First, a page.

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Thanks so much for the replies! It's been unbelievably difficult to get information on this. My mother-in-law is actually one of a very few Americans who doesn't qualify for Medicare without paying for it (Part B AND part A). Her late husband had a Civil Service job and had the option of Social Security or a separate retirement plan (there was a short period of time when this was an option) and he chose the retirement plan. So she doesn't qualify as his dependent. She has worked part-time but not enough quarters to qualify for Medicare under her own SSN. Her insurance, therefore, is the Rural Carriers Benefit Plan (Coventry) with Champva as secondary (since her late husband was a fully disabled Korean War veteran). My sister-in-law e-mailed me this morning saying she'd talked to Coventry and was told they DO pay for room and board while in hospice. That makes this a LOT easier! The nursing home didn't precert the stay during hospice, so they'll have to request a review to see if they can get a backdated precert. If Coventry won't backdate, then the nursing home has to eat the charges since it was their contractual obligation to obtain the precert. (The nursing home does contract with Coventry.) SIL and I both told the nursing home - more than once - that MIL is NOT on Medicare. However, it sounds like they handled their billing as though she is.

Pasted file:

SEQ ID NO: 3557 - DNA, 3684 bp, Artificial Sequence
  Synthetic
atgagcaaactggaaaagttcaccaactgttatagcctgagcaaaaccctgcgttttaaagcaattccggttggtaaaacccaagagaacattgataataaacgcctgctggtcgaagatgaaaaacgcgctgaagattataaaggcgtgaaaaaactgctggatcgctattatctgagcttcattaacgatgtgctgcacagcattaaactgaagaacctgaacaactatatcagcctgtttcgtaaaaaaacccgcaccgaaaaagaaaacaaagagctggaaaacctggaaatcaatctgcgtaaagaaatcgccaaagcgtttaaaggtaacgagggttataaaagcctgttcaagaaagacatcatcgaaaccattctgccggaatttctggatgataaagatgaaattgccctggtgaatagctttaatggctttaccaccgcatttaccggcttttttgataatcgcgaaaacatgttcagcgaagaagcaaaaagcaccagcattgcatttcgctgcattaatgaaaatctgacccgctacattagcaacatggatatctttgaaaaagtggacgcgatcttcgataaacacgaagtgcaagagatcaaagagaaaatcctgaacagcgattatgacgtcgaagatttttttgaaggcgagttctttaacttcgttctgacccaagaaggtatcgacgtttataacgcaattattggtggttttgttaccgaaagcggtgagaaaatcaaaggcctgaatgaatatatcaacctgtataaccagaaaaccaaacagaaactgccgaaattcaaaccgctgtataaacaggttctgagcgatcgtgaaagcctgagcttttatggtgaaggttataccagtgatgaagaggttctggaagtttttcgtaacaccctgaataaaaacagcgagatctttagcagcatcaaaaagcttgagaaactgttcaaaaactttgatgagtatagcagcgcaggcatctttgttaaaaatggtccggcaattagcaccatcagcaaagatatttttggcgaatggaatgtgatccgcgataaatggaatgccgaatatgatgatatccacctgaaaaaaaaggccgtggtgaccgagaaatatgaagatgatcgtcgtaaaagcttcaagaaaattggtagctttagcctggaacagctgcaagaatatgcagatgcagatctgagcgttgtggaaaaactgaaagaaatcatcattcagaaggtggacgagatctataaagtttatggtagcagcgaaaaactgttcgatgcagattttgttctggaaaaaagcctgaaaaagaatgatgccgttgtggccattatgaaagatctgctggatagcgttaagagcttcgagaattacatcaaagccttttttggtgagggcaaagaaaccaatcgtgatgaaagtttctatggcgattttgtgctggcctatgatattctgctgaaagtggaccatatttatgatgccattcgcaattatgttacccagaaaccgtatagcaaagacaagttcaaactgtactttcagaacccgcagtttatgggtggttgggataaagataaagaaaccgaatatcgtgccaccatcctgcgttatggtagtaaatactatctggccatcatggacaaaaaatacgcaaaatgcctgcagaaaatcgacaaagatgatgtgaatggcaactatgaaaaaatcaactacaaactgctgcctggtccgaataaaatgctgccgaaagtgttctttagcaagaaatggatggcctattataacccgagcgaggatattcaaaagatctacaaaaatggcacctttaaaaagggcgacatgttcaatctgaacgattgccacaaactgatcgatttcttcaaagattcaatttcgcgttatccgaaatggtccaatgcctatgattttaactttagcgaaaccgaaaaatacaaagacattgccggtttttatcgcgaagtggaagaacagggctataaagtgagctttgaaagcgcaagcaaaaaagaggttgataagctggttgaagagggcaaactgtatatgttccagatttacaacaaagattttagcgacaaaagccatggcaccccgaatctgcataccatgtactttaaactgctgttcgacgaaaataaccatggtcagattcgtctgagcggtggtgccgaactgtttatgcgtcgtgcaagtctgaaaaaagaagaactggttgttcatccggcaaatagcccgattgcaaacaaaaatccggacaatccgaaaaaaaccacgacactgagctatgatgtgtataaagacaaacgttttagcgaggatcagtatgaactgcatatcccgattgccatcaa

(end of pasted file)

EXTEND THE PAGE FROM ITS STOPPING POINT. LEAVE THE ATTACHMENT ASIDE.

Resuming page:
What a mess! Hopefully the nursing home gets paid and we're done (with that bill, anyway). Thanks for the advice on negotiating a discount, and also on a potential 30-day notice. We'll keed those in mind. I'll also let my SIL know to be careful to sign as POA. I think she's doing that. Actually, I think my MIL is signing for herself most of the time.